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Jonathan Blow

The Witness kicks off April’s Games with Gold
4 years ago

The Witness kicks off April’s Games with Gold

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Spring has sprung and April is less than a week away, so let’s get prepared for a month of rainy days with a new round of Games with Gold. April …
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The Witness might be coming to Xbox One
6 years ago

The Witness might be coming to Xbox One

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Xbox gamers tend to remember Jonathan Blow as the man who almost single-handedly kickstarted the independent games market on Xbox with Braid before swearing the Xbox 360 off, repeatedly ripping …
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The Witness Rated For Xbox One
6 years ago

The Witness Rated For Xbox One

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After being in development since 2009, The Witness comes as a highly anticipated release for 2016. It was initially perceived to be a console exclusive on the PS4. However, according …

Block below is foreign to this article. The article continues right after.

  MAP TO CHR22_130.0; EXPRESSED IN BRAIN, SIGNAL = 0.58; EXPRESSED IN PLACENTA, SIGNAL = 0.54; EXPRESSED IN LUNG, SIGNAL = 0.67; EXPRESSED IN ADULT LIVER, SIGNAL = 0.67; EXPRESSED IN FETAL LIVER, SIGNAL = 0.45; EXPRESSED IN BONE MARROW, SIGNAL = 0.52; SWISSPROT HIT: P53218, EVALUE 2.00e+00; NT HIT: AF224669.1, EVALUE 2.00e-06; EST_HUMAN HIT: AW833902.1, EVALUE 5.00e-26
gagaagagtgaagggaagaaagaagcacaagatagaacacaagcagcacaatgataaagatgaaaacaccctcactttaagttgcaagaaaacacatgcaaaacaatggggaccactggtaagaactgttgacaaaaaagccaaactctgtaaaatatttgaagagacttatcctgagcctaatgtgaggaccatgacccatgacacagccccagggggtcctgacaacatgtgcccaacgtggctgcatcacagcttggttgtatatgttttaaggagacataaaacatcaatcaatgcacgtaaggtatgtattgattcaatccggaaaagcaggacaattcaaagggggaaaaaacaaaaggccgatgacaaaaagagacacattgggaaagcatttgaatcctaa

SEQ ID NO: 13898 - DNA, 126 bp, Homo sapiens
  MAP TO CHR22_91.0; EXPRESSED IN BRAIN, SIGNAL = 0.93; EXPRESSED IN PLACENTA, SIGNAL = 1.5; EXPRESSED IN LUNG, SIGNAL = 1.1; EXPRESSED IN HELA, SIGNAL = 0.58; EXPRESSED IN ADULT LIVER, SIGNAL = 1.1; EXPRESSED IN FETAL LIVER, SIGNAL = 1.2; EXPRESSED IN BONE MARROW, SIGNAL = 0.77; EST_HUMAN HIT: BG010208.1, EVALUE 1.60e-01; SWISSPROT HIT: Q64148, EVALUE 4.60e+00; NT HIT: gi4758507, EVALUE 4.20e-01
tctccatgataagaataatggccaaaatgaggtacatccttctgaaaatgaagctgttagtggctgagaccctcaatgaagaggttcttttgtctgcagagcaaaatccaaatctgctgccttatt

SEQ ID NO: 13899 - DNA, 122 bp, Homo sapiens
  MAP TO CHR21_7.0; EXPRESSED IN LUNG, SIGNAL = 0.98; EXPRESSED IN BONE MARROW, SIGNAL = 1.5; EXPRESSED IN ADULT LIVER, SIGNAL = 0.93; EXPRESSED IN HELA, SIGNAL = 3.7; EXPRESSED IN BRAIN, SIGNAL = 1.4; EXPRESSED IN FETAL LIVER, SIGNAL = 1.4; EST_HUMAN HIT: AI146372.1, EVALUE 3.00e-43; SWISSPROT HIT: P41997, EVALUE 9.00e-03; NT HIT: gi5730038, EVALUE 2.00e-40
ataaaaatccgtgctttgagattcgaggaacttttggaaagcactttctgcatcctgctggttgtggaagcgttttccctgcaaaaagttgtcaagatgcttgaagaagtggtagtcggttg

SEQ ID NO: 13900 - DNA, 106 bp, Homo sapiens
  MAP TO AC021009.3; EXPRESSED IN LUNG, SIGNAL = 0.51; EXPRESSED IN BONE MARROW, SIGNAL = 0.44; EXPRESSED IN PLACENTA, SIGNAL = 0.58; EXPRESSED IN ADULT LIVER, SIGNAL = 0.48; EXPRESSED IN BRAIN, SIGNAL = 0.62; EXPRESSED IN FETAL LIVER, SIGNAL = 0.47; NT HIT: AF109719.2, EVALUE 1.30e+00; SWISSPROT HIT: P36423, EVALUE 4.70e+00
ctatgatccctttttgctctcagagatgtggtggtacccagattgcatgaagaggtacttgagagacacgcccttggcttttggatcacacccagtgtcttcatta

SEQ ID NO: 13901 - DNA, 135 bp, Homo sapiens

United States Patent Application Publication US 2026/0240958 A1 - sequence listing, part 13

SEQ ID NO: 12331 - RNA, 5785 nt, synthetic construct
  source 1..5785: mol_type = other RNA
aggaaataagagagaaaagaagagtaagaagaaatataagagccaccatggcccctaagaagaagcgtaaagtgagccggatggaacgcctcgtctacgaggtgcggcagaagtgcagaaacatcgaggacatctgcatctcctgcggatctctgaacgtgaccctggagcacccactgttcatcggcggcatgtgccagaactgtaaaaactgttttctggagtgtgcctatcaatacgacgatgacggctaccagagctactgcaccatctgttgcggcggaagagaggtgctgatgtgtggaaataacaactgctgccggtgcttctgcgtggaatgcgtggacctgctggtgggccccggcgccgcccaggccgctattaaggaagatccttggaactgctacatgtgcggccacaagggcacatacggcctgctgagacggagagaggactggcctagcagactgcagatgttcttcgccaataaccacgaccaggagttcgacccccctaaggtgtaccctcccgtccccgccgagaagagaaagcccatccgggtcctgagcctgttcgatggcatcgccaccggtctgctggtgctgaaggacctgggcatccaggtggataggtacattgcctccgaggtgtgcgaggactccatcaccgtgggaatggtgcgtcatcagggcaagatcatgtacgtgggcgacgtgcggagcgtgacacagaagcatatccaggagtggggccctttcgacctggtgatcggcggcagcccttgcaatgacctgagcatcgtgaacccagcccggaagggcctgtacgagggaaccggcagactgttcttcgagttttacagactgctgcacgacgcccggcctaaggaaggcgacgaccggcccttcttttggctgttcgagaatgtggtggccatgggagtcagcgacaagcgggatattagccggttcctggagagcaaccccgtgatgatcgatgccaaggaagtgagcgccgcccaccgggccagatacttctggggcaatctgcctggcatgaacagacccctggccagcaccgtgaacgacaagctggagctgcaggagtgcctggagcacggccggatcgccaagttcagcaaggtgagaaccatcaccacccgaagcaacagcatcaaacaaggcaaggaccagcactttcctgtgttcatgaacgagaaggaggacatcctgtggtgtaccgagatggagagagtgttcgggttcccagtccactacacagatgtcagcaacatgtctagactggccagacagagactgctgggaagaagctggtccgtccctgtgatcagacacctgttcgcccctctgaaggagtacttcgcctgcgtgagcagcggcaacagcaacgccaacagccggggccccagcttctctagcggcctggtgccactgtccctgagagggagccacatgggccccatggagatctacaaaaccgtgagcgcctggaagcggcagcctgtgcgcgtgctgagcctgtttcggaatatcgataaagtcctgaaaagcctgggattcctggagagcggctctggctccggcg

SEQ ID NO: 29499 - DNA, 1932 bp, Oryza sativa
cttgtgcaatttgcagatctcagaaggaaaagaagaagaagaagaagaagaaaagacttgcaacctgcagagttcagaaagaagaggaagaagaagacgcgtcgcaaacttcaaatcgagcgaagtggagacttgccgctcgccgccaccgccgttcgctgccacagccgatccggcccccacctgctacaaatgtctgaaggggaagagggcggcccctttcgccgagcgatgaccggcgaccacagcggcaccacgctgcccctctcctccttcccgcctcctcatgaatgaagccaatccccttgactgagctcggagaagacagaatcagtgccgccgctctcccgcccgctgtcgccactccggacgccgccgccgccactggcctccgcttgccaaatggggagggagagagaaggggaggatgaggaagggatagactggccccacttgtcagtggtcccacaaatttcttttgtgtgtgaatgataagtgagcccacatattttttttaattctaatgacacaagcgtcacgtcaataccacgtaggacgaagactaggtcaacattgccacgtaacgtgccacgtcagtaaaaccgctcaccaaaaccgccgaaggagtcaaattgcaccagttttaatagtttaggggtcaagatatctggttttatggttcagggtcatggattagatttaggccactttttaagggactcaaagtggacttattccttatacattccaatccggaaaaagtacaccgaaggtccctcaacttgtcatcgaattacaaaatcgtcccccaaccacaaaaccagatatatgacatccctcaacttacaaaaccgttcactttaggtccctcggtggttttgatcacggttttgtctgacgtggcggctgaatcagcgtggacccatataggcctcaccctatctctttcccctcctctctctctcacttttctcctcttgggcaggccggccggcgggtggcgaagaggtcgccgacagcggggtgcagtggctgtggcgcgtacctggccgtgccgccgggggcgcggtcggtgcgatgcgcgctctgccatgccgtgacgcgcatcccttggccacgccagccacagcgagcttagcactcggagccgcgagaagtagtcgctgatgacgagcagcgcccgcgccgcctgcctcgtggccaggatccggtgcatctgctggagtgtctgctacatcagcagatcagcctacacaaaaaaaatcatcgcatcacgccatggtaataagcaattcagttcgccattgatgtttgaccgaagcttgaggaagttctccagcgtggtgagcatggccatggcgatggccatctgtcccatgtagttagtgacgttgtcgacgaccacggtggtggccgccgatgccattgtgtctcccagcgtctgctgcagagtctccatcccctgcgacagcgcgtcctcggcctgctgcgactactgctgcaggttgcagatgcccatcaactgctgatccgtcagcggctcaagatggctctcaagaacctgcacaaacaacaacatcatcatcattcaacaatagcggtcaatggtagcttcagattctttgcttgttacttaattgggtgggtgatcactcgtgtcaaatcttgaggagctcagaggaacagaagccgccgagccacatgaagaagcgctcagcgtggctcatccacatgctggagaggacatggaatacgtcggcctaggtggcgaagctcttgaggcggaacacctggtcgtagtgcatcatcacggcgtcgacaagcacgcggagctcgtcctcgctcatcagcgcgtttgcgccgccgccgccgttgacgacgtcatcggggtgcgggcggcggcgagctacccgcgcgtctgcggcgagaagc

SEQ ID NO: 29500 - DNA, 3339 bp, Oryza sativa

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“Working with Microsoft is great” says XBLA developer Ska Studios
9 years ago

“Working with Microsoft is great” says XBLA developer Ska Studios

Following on from some of the negative XBLA press that has recently hit the headlines, Ska Studios’ James Silva has decided to set the record straight on his experiences …
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Jon Blow and Team Meat done with Xbox

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In recent interviews with Edge and Eurogamer, the makers of Braid and Super Meat Boy expressed their frustration with developing for Xbox Live Arcade. As independent developers, taking on the heated business of console development on top of development costs is more stress than its worth, say the developers.

“The overhead cost of just developing for those consoles is insane,” explained Tommy Refenes from Team Meat. “It costs zero dollars to develop on Steam if you already have a computer. When you look at PlayStation and Xbox and Nintendo, you have to buy thousand dollar dev kits and pay for certification and pay for testing and pay for localisation – you have to do all these things and at the end of the day it’s like, ‘I could have developed for other platforms and it would’ve been easier.'”

On top of development costs, there are lawyers, fees and ambiguity to sort through that cause an equally overwhelming headache. Ed McMillen from Team Meat said that to bring his studio’s games to consoles, his team would need “some magical middleman who would just appear and do all of our business for us… We went in and found out what it was like to develop for a console and the reality is there’s no loyalty on either side and it’s a business. And when you step in to that business arena it goes from us making art and it turns into business.”

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